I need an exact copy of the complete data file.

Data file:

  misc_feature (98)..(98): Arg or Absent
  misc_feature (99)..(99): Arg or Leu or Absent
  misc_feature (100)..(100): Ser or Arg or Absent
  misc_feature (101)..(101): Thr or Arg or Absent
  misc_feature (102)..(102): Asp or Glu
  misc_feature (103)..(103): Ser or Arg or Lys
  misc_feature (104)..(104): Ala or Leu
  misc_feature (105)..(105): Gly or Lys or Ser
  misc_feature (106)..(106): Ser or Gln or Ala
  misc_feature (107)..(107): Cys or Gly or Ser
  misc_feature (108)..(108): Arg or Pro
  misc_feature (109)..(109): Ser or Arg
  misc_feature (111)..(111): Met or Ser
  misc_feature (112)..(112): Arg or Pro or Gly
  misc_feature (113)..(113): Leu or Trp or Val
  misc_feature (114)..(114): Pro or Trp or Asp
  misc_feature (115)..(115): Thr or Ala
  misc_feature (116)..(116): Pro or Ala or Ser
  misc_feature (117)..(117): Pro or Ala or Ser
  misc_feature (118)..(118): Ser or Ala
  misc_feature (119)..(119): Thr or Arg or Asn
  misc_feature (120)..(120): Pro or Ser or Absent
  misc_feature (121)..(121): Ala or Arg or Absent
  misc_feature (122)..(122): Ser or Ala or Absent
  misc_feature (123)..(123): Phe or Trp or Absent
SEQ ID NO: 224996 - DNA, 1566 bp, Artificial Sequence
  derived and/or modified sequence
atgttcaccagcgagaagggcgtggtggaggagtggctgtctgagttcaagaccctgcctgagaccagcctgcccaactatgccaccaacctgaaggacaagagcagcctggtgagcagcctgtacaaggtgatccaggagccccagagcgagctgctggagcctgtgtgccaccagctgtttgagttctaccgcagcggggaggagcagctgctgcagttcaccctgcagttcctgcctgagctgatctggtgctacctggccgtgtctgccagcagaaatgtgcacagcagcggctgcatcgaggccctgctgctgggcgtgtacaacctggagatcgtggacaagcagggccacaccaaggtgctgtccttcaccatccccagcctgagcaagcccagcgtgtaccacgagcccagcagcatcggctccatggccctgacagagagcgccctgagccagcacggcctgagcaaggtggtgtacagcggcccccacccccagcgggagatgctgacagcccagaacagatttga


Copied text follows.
  misc_feature (98)..(98): Arg or Absent
  misc_feature (99)..(99): Arg or Leu or Absent
  misc_feature (100)..(100): Ser or Arg or Absent
  misc_feature (101)..(101): Thr or Arg or Absent
  misc_feature (102)..(102): Asp or Glu
  misc_feature (103)..(103): Ser or Arg or Lys
  misc_feature (104)..(104): Ala or Leu
  misc_feature (105)..(105): Gly or Lys or Ser
  misc_feature (106)..(106): Ser or Gln or Ala
  misc_feature (107)..(107): Cys or Gly or Ser
  misc_feature (108)..(108): Arg or Pro
  misc_feature (109)..(109): Ser or Arg
  misc_feature (111)..(111): Met or Ser
  misc_feature (112)..(112): Arg or Pro or Gly
  misc_feature (113)..(113): Leu or Trp or Val
  misc_feature (114)..(114): Pro or Trp or Asp
  misc_feature (115)..(115): Thr or Ala
  misc_feature (116)..(116): Pro or Ala or Ser
  misc_feature (117)..(117): Pro or Ala or Ser
  misc_feature (118)..(118): Ser or Ala
  misc_feature (119)..(119): Thr or Arg or Asn
  misc_feature (120)..(120): Pro or Ser or Absent
  misc_feature (121)..(121): Ala or Arg or Absent
  misc_feature (122)..(122): Ser or Ala or Absent
  misc_feature (123)..(123): Phe or Trp or Absent
SEQ ID NO: 224996 - DNA, 1566 bp, Artificial Sequence
  derived and/or modified sequence
atgttcaccagcgagaagggcgtggtggaggagtggctgtctgagttcaagaccctgcctgagaccagcctgcccaactatgccaccaacctgaaggacaagagcagcctggtgagcagcctgtacaaggtgatccaggagccccagagcgagctgctggagcctgtgtgccaccagctgtttgagttctaccgcagcggggaggagcagctgctgcagttcaccctgcagttcctgcctgagctgatctggtgctacctggccgtgtctgccagcagaaatgtgcacagcagcggctgcatcgaggccctgctgctgggcgtgtacaacctggagatcgtggacaagcagggccacaccaaggtgctgtccttcaccatccccagcctgagcaagcccagcgtgtaccacgagcccagcagcatcggctccatggccctgacagagagcgccctgagccagcacggcctgagcaaggtggtgtacagcggcccccacccccagcgggagatgctgacagcccagaacagatttga